Being that it started out focusing on just 5 albums by 3 artists, this volume (and the following one) has much less variety than nearly all my other mixes.  After these first two were in the bag, I started trying to adhere to my rule for mix tapes back when I was making those: a given artist should only appear in a mix volume twice at most, and those two appearances should be spaced out as much as possible.  I haven’t always adhered to that guideline of course, but I’ve never broken it quite as badly as I’ve done here. 

Smokelit Flashback I
    [Fortune Teller Eyes]

        “Seven Months” by Portishead, off Portishead
        “Kneel Before Your God” by Lemon Jelly, off [EP Compilation]
        “Paravent” by Naomi, off Pappelallee
        “I've Got to See You Again” by Norah Jones, off Come Away with Me
        “Kings of the Highway” by Chris Isaak, off Heart Shaped World
        “Freshly Squeezed” by Angelo Badalamenti, off Twin Peaks [Soundtrack]
        “(---) [5]” by Swans, off Love of Life
        “Pity” by The Creatures, off Boomerang
        “Curious” by Naomi, off Everyone Loves You
        “Keep the Change” by Banyan, off Anytime at All
        “Over” by Portishead, off Portishead
        “Chaldea” by Transglobal Underground, off International Times
        “(---) [2]” by Swans, off Love of Life
        “Homage to Patagonia” by Lemon Jelly, off [EP Compilation]
Total:  14 tracks,  58:13

Two of the three bridges come from the Swans’ excellent Love of Life, which is more gothic than trip-hop, but suitably weird for inclusion here.  This album contains six distinct tracks named ”(---),” which can be quite confusing when you’re trying to reference them in, say, a mix list.  Here I’ve chosen to just add a bracketed number which represents which instance we’re talking about.  So ”(---) [5]” is the fifth such track (track 12 on the album) and ”(---) [2]” is the second (track 4).

The third bridge is “Chaldea” from the world/electronica/trip-hop-influenced International Times, by Transglobal Underground.5  The other bridge from that album, “Sumeria,” will show up on Smokelit Flashback II.

The volume title is a line from “Keep the Change” from Banyan.  Although Anytime at All is a jazzy, almost prog-rock-like album, which normally wouldn’t catch my attention too much, I had checked it out because it was the side project of Jane’s Addiction drummer Stephen Perkins, and I sort of fell in love with it.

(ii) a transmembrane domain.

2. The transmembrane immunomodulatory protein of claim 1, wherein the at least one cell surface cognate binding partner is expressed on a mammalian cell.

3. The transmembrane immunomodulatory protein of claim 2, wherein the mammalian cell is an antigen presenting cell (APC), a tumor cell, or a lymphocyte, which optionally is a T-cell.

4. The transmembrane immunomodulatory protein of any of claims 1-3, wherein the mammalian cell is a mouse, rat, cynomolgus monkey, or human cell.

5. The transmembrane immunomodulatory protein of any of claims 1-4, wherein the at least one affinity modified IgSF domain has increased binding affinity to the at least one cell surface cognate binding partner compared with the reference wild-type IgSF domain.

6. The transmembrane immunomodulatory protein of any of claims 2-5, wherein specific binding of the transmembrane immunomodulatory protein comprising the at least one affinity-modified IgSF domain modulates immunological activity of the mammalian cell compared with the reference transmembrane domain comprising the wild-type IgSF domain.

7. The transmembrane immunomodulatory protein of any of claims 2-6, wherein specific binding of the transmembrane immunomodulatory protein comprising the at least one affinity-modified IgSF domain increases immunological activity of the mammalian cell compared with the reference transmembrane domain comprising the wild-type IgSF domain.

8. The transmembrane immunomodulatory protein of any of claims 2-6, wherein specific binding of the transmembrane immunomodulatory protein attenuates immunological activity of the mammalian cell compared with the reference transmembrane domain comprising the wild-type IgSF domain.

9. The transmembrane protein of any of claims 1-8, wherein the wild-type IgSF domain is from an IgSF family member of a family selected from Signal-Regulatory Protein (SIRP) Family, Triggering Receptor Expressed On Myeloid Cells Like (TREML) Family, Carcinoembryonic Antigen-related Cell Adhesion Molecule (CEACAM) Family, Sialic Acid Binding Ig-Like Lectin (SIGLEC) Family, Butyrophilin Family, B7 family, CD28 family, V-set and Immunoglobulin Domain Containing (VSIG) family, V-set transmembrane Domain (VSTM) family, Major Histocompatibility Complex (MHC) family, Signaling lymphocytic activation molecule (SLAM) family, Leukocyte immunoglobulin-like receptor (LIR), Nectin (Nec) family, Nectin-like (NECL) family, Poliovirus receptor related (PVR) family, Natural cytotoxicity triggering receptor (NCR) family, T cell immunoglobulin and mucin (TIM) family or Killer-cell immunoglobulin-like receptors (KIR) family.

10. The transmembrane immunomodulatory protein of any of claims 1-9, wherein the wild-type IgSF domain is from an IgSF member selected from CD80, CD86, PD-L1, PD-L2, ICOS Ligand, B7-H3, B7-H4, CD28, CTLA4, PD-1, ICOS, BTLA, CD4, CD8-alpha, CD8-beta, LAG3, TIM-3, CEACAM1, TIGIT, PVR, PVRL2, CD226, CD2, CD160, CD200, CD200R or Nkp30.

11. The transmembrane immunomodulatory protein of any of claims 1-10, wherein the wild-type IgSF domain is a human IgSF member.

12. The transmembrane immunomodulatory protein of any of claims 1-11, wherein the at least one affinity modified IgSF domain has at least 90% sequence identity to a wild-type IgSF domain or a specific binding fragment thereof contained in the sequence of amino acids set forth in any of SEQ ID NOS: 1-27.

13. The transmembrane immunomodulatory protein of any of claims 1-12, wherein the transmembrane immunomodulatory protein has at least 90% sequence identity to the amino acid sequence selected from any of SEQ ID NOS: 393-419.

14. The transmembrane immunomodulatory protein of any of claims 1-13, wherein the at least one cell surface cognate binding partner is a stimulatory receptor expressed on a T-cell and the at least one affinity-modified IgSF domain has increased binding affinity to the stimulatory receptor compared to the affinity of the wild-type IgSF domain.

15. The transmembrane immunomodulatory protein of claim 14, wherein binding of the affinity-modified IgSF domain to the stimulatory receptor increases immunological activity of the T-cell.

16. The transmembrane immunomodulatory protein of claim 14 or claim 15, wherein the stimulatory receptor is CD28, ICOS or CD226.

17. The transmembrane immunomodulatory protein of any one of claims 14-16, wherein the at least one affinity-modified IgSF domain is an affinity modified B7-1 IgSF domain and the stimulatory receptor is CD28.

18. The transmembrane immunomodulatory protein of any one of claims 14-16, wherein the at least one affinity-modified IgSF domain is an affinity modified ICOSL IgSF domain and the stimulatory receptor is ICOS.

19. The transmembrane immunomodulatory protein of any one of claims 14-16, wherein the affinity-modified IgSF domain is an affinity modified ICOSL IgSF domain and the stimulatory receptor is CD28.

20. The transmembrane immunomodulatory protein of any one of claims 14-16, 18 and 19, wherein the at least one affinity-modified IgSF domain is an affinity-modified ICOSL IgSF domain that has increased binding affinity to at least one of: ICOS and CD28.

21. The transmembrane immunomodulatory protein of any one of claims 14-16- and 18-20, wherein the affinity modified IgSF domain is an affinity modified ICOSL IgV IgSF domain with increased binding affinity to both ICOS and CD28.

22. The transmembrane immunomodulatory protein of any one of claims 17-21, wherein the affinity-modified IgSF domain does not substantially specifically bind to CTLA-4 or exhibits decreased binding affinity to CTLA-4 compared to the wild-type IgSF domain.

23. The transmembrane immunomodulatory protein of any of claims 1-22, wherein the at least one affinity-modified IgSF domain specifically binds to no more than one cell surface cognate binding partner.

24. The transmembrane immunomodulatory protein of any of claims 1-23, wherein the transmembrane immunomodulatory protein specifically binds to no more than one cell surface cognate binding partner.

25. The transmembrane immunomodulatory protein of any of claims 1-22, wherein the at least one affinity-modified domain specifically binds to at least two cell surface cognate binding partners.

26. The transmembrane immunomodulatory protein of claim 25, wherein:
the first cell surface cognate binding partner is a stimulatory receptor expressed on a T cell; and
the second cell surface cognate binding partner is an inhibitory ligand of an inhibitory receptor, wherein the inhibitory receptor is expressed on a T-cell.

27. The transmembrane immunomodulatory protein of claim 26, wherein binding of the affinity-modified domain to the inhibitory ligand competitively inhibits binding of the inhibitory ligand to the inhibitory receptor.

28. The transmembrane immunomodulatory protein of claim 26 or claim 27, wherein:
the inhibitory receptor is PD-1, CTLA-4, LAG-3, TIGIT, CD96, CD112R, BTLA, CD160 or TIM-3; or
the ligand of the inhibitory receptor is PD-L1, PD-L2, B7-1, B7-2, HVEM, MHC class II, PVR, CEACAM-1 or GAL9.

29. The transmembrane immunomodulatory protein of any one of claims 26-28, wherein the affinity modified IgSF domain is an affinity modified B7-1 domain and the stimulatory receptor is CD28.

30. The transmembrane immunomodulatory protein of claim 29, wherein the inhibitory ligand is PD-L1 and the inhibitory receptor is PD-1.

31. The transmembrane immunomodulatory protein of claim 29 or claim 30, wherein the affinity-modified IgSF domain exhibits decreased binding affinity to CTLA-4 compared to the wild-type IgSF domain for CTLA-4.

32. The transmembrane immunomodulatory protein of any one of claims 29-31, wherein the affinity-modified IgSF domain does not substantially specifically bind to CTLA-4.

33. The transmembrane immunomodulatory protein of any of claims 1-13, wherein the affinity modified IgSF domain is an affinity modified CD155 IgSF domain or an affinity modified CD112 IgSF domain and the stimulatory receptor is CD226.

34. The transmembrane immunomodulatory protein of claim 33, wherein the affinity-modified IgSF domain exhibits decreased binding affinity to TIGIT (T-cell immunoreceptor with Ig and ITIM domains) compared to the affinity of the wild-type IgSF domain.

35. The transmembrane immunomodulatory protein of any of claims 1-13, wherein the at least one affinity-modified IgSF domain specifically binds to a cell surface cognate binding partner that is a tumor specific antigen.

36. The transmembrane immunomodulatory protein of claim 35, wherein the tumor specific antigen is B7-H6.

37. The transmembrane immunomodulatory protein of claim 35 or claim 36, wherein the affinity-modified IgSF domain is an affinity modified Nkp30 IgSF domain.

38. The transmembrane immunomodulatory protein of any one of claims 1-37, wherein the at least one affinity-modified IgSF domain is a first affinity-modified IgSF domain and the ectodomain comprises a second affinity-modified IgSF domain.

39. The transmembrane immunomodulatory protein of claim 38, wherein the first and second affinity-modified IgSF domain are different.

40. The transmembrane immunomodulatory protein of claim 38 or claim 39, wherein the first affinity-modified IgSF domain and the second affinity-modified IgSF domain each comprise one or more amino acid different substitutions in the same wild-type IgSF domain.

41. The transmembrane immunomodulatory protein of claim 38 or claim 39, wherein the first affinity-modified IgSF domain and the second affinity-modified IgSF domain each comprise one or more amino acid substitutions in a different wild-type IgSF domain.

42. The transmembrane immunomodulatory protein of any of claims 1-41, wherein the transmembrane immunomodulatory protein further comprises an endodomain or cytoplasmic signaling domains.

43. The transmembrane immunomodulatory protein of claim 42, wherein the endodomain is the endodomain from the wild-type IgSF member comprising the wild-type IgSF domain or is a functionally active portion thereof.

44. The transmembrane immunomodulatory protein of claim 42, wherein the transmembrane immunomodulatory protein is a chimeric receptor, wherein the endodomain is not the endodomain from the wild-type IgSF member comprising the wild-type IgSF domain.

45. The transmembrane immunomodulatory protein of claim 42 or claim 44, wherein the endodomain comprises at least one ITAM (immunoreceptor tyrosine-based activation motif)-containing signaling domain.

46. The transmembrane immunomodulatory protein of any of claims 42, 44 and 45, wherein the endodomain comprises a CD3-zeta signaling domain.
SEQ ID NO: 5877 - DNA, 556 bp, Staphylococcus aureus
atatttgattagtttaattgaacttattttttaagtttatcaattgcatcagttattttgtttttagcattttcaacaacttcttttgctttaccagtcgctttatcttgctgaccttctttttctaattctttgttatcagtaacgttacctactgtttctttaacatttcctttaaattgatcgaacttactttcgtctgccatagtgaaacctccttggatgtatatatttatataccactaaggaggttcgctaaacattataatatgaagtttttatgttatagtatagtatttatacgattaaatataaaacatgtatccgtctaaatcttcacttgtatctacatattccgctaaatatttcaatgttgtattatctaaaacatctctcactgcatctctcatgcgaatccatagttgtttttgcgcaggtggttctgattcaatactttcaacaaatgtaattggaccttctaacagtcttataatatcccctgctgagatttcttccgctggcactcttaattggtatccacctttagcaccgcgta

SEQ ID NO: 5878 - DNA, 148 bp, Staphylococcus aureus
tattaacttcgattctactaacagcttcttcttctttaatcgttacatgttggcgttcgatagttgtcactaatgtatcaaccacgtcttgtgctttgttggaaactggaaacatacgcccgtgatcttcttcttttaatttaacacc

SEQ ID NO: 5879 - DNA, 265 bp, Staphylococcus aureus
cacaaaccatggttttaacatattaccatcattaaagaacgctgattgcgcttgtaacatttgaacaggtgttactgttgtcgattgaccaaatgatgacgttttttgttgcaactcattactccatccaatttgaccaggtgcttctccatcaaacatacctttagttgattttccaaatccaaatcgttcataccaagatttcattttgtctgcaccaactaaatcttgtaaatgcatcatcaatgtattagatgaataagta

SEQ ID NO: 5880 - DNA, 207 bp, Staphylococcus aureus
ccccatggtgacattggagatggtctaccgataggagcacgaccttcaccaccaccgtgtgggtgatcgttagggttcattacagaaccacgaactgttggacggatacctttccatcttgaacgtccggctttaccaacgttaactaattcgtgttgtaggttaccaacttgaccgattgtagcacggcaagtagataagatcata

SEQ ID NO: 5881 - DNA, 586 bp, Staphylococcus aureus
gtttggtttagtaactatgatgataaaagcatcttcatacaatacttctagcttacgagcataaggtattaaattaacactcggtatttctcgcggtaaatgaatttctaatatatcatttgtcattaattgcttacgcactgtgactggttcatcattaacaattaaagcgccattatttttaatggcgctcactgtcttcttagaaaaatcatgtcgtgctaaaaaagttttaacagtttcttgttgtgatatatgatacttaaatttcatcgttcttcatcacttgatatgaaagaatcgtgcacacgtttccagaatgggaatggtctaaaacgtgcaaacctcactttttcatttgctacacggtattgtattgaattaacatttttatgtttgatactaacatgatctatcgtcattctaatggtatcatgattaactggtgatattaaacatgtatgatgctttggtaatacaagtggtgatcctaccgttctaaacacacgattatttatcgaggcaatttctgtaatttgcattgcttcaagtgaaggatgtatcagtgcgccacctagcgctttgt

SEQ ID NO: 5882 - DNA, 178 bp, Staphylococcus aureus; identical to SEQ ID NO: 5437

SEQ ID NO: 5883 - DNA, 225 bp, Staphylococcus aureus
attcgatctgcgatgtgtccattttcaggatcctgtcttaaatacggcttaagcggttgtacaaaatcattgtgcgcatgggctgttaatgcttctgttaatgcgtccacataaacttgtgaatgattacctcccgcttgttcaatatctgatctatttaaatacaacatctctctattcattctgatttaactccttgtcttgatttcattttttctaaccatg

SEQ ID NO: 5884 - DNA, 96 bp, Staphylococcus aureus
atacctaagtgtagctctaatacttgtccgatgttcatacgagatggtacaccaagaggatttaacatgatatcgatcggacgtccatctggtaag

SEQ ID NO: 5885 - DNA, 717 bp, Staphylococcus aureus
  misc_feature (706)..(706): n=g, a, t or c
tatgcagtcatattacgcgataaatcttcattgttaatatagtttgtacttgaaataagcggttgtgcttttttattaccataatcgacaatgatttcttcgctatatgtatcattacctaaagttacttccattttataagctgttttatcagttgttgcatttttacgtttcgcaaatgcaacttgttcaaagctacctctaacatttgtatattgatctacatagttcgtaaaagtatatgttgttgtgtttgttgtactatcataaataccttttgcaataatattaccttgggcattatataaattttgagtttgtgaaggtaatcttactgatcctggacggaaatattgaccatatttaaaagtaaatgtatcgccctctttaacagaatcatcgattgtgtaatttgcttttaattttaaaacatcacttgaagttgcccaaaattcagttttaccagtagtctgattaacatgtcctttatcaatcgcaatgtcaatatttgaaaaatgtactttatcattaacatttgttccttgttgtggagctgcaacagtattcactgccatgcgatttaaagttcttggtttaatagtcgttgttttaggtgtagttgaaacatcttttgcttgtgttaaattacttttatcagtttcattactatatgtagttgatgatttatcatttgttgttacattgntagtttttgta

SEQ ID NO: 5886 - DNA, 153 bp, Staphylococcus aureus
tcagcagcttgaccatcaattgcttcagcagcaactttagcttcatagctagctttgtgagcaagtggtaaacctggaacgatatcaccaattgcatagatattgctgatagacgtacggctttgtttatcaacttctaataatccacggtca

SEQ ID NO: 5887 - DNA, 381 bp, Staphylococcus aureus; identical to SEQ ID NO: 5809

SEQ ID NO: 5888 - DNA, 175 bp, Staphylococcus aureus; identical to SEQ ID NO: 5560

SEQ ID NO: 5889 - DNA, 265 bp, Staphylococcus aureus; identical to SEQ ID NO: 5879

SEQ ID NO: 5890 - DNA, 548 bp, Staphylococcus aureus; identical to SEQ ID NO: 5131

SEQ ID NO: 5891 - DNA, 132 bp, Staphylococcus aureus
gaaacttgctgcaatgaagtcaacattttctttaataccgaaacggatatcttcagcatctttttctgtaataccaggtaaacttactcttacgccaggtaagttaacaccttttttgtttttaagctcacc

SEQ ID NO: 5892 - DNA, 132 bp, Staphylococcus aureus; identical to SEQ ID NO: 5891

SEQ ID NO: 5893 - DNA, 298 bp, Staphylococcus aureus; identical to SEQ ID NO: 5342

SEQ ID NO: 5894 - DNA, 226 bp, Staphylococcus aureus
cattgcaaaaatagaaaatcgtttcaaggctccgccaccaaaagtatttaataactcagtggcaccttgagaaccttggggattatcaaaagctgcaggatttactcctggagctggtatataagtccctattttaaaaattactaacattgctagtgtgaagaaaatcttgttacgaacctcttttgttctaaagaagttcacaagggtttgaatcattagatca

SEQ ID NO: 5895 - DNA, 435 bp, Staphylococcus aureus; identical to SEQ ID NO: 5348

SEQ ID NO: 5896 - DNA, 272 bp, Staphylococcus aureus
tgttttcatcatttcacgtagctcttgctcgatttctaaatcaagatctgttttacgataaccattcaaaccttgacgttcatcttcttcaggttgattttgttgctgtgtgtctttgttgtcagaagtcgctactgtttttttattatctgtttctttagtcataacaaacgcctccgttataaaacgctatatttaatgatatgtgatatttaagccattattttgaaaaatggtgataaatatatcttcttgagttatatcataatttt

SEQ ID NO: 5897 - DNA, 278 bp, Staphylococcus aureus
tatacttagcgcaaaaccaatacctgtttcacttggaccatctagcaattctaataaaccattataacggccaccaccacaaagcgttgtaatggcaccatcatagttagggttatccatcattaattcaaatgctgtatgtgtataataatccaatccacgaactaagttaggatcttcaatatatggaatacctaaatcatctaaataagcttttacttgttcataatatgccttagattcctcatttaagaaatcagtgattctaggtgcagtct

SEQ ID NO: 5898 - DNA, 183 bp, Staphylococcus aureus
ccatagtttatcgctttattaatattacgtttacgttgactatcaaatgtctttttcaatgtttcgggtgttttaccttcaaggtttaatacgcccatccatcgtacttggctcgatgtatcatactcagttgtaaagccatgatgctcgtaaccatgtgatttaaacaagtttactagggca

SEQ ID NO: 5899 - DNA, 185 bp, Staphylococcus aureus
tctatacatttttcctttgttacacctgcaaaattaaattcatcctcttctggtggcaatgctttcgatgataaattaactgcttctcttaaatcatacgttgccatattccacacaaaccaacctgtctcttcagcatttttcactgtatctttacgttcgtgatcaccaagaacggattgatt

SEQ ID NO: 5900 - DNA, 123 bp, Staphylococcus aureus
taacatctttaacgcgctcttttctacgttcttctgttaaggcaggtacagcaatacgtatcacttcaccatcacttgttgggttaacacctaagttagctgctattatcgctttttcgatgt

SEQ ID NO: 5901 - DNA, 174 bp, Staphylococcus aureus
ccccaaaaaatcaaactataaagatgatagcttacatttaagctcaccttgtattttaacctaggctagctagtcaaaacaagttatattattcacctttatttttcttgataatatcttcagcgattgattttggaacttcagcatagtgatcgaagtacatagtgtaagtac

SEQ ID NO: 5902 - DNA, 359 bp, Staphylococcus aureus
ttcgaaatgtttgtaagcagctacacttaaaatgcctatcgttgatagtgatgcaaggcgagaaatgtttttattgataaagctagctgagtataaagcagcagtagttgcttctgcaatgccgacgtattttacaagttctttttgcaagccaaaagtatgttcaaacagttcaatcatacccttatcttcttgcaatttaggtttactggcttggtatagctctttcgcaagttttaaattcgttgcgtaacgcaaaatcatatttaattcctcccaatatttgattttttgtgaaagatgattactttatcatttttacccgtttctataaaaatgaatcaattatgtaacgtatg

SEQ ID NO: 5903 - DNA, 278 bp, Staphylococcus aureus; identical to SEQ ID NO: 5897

The collection is rounded out by a track off Angelo Badalamenti’s amazing soundtrack for Twin Peaks, and a vaguely eerie track from Siouxsie Sioux and Budgie’s side project, the Creatures.

So that’s my first modern mix, although it really was made simultaneously with Smokelit Flashback II.  But that’s another post.  In the meantime, feel free to make your own copy of this one.  Hopefully you’ll enjoy it as much as I have.


1 Any time I mention a band that I can’t find a decent AllMusic page to link to, and the Wikipedia article for them is essentially a one-liner, you can be sure I consider that an obscure band.

2 Specifically, they were: LemonJelly.KY, Lost Horizons, Everyone Loves You, and Pappelallee.

3 Presumably due to the habit of using a full orchestra for cinematic music, although one sometimes supplemented with popular instrumentation such as electric guitars.

4 In fact, my experience making Smokelit Flashaback I & II is how that concept came to be.  Which is why I wanted to start with this one.

5 Another album introduced to me by that same fellow programmer, as it happens.

Sunday, February 15, 2015

Re-exploring the Whedonverse

I just watched one of the best ever episodes of Buffy the Vampire Slayer.

Now, if for any reason you just turned up your nose, or perhaps snorked milk through it, I will assume you’ve found it difficult to appreciate Buffy for what it is.  Let’s start with its pedigree: there are essentially three television show creators for whom I will watch basically anything they create:1 Alan Ball, Aaron Sorkin, and Joss Whedon.  At this point, I’ve watched almost everything those three gentlemen have ever done,2 although sometimes I have to go fill in gaps.  A couple of years ago I had to sit down and watch/rewatch the entire 7-year run of West Wing.  And, currently, I’m embarked on the same mission for Buffy.

Now, as it happens, I saw most of the Buffy episodes when they went into re-runs the first time, which I believe would have been before its original run was even complete.  But that was 15 years (and three children) ago, and I certainly don’t remember all the ones I watched, and I never watched them all.  Plus I never watched a single episode of Angel, which means I totally missed out on all the crossover fun.3  And, somewhere in my various and sundry pokings around the Internet, I discovered the excellent Watcher’s Council viewing guide, which tells you exactly what order to watch every episode in, and, as it mentioned, the entire run of both series is available streaming on Netflix, so it doesn’t even cost me anything.4

Buffy is an interesting story in Whedonosophy.  First there was the movie, which Whedon wrote but then didn’t have much else to do with.  I had seen it: I thought it was an interesting enough piece of fluff entertainment ... nothing to write home about, perhaps, but a not unenjoyable way to kill an hour and a half.  If nothing else, it’s always fun to see Pee-Wee Herman playing a vampire.